The battle is not over, however. I was out before I completed this article and pulled over 24 slugs off the garden beds (sides of the beds and soil). I also pulled them off the sugar snap peas and green beans. Disgusting balls of slime met a similar fate as their brothers and sisters a few days ago!
The mature plants in the garden beds continue to produce fruit. The Early Treat Tomato Plants are loaded with new tomatoes, and the Cherry Tomato Plants continue to produce fruit as well. I am very pleased with the red and green bell peppers, particularly the red bell peppers. They are getting massive and there are quite a few of them. The basil has really grown since I last harvested the leaves. It is time to harvest more!
The compost plants are chugging along. The tomatoes are showing buds, and we'll see if they bear fruit before the frost. I have my doubts. The melon plants are showing some buds, and one melon has started on one of the vines. Again, I have my doubts on this one maturing to anything substantial.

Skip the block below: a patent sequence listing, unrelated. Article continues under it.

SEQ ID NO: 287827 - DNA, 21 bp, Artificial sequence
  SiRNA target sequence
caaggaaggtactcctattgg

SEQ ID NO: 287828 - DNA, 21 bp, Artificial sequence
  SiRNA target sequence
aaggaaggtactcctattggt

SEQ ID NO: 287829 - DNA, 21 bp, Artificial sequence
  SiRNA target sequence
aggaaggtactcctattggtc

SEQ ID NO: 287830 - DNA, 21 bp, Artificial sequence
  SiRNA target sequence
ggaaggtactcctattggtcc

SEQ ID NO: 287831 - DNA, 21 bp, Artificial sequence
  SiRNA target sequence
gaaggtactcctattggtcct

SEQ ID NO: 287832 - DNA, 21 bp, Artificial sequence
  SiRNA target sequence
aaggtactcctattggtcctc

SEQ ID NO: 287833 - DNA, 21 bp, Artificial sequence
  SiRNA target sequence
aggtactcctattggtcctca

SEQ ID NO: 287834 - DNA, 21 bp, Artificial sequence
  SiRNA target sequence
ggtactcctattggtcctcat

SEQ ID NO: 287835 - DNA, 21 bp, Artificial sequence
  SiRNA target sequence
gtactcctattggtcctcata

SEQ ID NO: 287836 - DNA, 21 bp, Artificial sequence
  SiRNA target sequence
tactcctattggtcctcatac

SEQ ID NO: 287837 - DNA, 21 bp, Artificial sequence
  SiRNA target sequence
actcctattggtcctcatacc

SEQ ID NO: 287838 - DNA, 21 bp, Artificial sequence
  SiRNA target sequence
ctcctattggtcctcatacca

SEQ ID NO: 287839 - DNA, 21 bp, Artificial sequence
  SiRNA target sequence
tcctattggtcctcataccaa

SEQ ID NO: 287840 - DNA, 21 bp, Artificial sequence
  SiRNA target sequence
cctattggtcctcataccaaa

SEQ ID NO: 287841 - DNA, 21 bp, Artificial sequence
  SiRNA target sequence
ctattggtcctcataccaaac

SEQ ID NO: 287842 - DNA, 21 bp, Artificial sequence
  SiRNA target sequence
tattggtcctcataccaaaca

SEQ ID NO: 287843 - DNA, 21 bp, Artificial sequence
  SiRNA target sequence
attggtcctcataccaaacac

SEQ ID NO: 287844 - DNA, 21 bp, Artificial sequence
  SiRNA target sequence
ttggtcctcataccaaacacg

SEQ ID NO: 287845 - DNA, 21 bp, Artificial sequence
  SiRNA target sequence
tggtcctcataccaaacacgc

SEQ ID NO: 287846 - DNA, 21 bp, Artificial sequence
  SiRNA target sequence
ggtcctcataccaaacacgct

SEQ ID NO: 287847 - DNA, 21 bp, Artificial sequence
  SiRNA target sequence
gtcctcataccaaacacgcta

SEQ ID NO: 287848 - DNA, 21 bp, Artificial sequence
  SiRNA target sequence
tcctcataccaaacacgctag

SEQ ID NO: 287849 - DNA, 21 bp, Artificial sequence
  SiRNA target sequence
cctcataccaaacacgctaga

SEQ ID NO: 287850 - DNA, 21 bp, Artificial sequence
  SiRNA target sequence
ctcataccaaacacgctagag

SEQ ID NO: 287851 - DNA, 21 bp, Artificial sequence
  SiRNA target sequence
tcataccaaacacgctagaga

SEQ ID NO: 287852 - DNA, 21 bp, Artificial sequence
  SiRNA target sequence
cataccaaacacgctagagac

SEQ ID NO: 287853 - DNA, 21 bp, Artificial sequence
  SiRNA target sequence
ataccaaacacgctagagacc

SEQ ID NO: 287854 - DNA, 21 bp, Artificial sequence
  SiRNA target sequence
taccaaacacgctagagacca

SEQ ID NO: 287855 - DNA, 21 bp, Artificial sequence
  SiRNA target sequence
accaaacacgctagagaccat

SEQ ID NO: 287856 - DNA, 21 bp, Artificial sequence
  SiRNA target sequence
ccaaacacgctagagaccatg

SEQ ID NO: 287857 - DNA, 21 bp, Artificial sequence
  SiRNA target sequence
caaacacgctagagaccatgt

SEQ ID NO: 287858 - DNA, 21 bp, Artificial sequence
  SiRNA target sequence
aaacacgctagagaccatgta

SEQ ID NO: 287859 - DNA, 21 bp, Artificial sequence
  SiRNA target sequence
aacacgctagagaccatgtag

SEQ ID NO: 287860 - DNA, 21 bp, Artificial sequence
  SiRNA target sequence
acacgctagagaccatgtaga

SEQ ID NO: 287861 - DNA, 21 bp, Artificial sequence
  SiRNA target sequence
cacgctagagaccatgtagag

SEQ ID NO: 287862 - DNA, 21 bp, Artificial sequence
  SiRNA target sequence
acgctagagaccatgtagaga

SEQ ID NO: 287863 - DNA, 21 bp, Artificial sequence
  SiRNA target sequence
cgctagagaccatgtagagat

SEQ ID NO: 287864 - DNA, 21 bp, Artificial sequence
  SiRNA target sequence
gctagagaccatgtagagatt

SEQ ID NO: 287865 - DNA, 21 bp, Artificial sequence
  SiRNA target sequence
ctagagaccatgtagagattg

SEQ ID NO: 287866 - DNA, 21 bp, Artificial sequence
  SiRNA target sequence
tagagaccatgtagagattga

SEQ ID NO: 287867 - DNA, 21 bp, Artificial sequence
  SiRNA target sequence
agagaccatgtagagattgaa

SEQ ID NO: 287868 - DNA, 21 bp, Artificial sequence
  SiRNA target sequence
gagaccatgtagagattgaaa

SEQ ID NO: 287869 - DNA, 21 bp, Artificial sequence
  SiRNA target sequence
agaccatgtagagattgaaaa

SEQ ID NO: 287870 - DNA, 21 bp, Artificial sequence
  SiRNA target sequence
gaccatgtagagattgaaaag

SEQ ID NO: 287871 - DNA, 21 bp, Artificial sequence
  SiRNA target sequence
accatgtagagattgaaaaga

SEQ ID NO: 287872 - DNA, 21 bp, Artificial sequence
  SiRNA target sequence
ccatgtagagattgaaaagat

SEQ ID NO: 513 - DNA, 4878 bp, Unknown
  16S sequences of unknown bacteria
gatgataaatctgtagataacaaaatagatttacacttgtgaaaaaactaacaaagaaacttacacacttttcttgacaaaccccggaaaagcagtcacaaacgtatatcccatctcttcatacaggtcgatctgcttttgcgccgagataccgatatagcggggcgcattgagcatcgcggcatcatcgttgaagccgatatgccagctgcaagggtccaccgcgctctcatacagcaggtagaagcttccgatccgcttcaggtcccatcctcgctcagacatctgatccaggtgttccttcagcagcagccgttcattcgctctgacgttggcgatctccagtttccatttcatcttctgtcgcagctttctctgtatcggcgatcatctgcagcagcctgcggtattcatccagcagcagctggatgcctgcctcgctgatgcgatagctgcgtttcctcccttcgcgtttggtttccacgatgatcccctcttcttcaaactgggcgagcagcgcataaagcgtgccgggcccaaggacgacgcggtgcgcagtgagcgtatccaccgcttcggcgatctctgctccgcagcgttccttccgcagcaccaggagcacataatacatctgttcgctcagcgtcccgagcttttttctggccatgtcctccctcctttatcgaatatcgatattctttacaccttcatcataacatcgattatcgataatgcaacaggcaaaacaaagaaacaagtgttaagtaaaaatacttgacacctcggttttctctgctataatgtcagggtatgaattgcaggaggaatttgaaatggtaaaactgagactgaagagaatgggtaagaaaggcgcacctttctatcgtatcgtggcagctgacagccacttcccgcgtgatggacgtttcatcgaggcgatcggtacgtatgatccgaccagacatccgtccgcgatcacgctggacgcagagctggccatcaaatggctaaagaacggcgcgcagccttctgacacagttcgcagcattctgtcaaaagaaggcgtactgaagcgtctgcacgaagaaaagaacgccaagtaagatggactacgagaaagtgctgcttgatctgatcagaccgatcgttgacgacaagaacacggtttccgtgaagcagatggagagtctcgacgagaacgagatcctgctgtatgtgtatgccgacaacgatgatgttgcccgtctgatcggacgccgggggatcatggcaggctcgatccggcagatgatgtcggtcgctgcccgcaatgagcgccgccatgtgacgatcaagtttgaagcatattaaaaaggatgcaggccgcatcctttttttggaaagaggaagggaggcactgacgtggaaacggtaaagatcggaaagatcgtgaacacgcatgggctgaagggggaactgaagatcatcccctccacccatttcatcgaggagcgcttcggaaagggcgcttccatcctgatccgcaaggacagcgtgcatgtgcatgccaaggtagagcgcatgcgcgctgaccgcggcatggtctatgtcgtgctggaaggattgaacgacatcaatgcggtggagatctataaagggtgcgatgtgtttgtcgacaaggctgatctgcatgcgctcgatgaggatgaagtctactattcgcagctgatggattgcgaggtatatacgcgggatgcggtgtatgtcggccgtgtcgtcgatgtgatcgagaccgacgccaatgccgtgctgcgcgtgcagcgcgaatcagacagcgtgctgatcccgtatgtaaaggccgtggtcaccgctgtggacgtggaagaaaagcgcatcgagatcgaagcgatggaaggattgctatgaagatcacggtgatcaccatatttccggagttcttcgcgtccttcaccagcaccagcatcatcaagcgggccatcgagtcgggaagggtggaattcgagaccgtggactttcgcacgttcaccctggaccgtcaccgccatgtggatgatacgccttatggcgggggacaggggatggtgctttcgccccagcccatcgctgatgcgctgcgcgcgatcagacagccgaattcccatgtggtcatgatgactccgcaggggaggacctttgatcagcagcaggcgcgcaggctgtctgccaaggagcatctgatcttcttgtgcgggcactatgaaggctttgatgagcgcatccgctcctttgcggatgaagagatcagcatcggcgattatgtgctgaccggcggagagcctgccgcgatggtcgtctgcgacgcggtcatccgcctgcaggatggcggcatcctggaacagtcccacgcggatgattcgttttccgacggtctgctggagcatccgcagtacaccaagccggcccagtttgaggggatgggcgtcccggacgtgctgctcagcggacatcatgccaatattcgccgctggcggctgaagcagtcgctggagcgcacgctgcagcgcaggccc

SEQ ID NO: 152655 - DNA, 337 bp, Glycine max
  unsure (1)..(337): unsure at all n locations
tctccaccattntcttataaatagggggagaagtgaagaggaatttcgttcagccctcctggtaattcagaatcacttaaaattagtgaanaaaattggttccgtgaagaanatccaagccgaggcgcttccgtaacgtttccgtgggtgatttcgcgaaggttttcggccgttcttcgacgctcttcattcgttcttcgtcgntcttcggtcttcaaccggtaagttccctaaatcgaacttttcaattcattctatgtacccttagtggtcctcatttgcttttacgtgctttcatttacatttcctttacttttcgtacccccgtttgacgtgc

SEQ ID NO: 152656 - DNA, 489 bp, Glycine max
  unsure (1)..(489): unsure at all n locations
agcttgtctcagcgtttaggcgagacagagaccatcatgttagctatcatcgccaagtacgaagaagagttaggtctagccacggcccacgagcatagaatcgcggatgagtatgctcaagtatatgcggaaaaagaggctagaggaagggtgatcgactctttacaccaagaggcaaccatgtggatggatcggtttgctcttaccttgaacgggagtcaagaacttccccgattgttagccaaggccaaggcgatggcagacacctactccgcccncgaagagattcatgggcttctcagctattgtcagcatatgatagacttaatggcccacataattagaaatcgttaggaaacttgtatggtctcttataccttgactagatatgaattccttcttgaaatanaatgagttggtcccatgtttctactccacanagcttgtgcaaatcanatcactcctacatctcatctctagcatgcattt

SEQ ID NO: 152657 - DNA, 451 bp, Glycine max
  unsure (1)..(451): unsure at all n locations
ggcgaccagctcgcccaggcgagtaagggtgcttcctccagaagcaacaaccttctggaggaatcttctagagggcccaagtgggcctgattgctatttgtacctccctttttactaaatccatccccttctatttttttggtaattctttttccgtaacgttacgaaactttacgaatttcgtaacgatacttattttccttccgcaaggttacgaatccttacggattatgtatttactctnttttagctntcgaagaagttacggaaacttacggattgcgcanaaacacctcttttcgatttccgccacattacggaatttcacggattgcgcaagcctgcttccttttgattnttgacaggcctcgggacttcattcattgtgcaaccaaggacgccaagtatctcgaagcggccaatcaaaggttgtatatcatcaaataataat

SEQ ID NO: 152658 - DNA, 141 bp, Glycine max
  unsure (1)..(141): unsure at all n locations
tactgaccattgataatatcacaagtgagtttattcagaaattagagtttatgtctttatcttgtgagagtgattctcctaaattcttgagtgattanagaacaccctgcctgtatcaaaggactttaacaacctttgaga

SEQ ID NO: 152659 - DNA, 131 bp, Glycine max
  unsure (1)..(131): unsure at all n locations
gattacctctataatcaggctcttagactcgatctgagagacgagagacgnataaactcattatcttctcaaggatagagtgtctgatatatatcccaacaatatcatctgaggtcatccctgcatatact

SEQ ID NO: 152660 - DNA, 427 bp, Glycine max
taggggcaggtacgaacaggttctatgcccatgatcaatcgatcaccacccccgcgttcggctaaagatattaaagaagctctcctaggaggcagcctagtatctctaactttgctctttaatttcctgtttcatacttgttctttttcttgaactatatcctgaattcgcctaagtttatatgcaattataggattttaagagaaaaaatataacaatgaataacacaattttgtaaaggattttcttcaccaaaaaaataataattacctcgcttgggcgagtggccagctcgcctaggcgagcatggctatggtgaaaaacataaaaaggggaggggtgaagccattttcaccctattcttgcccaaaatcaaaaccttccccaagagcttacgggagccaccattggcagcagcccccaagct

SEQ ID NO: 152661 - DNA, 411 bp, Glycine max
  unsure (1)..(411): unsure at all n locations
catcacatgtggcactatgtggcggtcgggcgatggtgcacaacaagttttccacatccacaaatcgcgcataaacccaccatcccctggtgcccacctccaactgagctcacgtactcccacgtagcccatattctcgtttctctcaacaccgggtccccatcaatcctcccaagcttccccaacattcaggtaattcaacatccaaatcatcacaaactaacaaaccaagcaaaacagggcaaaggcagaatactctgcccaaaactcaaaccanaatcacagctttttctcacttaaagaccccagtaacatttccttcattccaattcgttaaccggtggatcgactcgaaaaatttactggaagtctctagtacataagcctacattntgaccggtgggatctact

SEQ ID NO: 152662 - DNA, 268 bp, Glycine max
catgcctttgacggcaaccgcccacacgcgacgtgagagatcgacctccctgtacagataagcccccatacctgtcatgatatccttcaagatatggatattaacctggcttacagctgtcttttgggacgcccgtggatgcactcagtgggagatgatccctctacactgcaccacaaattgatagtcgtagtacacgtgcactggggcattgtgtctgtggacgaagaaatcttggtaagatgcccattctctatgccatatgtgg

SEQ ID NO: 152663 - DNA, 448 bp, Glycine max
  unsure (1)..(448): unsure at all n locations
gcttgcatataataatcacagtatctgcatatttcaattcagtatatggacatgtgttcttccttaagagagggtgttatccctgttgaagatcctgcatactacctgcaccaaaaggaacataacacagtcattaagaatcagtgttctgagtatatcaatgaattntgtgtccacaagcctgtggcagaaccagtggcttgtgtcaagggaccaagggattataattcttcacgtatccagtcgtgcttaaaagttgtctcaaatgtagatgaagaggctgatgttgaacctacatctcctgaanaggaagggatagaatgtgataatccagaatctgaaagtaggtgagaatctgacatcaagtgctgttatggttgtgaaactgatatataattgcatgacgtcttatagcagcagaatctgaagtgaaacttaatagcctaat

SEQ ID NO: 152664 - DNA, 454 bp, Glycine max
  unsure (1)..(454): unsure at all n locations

In the last Garden Update Podcast, I talked about building a wicking bed. Given the remaining two weeks before the first frost, I am actually going to put this project on hold until the spring. I am going to plant the seedlings I have, and I will get a container for the lettuce and spinach. There just isn't time to build the wicking bed, particularly with most of my tools in storage. Don't worry! I will build this project; we will just have to wait a bit longer.
I do need to replace the fence around Garden Bed East, and I need to install a trellis for Garden Bed West. These are projects I can still complete given my limited power tools and equipment here.
In addition, I have to get to the Farmer's Market to pick up supplies to make salsa and some other goodies. The season is almost over! It is time to get these last projects done!
How about you? What is left to do this season? Are you harvesting anything from your garden?
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Thank you again for tuning into Small Scale Life. We do appreciate each and every one of you. This is Tom from Small Scale Life. Remember to learn, do and grow. See you really soon!